Saturday, January 26, 2013

Steamed Asparagus

Asparagus became widely available in America during Colonial times.  

Asparagus was a favorite of Thomas Jefferson. Jefferson grew asparagus in his garden at Monticello, he would have instructed his enslaved French trained chef, James Hemings, to cook it his way for his American guest.

The recipe appears in The City Tavern Cookbook, a collection of historical recipes compiled by Walter Staib is executive chef at The City Tavern Restaurant  in Philadelphia. The City Tavern open in 1773, and played host to the Founding Fathers of our country during the late 18th century. The original City Tavern was destroyed in a fire and demolished in 1854. The tavern reopened in 1976, and in 1994 Restaurateur Walter Staib took over as chef. Food continues to be prepared at the Tavern in the traditional colonial style.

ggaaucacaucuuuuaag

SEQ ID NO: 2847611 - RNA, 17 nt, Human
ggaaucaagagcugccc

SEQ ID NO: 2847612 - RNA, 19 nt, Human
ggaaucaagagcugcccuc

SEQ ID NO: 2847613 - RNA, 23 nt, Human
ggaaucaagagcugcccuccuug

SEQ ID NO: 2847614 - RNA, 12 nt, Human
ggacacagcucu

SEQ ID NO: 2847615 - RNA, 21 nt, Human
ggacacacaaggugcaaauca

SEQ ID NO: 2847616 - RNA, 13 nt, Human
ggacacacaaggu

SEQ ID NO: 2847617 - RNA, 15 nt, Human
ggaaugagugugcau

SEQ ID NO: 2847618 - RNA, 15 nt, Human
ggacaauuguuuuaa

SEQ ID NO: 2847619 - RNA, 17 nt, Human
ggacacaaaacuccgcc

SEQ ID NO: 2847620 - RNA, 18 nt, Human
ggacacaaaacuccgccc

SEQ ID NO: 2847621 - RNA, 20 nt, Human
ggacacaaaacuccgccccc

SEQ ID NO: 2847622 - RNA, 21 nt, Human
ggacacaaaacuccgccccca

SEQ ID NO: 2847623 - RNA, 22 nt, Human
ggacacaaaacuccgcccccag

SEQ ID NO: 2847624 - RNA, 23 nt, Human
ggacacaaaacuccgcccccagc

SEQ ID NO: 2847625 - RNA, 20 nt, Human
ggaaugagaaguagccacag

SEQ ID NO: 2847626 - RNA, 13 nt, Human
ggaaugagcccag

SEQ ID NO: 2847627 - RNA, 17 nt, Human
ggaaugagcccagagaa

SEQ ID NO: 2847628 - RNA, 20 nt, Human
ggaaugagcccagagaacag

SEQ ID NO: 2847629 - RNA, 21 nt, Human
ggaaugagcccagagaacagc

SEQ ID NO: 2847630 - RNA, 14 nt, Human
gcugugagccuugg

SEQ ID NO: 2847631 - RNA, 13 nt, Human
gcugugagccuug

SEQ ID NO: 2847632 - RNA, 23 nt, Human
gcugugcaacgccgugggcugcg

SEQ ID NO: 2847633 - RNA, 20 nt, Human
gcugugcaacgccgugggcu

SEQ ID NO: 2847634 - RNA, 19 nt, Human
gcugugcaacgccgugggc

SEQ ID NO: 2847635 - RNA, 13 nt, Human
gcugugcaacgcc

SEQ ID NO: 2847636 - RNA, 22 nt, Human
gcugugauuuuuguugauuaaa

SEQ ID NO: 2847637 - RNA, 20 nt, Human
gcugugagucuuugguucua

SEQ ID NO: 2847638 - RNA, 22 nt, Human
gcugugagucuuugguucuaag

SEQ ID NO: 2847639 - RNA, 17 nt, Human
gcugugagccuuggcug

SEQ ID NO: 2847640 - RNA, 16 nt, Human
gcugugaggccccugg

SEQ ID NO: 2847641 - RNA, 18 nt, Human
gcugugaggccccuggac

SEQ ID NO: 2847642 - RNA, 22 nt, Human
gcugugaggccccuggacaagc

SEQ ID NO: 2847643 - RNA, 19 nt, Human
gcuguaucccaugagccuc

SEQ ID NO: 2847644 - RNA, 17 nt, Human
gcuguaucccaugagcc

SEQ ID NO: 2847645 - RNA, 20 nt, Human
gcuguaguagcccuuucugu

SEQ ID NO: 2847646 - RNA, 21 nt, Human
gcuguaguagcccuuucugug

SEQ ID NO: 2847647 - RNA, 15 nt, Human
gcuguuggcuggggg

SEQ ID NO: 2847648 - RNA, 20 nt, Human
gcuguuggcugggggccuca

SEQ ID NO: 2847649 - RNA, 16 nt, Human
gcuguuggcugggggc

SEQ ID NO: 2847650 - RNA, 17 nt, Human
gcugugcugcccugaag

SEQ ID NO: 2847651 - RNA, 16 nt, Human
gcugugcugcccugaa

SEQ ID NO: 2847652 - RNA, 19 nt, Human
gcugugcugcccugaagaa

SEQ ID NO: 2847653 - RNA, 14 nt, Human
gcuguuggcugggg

City Tavern was the unofficial meeting place of the First Continental Congress. The dishes in this cookbook were enjoyed by the likes of Thomas Jefferson, George Washington, Benjamin Franklin, John Adams, and even Benedict Arnold. Many of the recipes are French in origin.
Research Resource: The History Kitchen

Asparagus is a good source of potassium, fiber, vitamin B6, vitamin A & C, thiamin and folic acid. The latter is said to boost histamine production which has the ability to get you in the mood. 

Steamed Asparagus
Copyright  2013, Christine’s Pantry. All rights reserved.

1 bunch asparagus ends trimmed
salt and pepper, to taste
1/2 teaspoon garlic powder

Dampened 4 paper towels with water. Spread out the paper towels. Place asparagus on 2 dampened towels, and top with remaining dampened towels. Place in microwave on high, about 3 to 4 minutes, until crisp tender. Carefully remove asparagus from microwave. Remove paper towels. Sprinkle asparagus with salt, pepper and garlic powder. Transfer to serving plate. Serve immediately. Enjoy!




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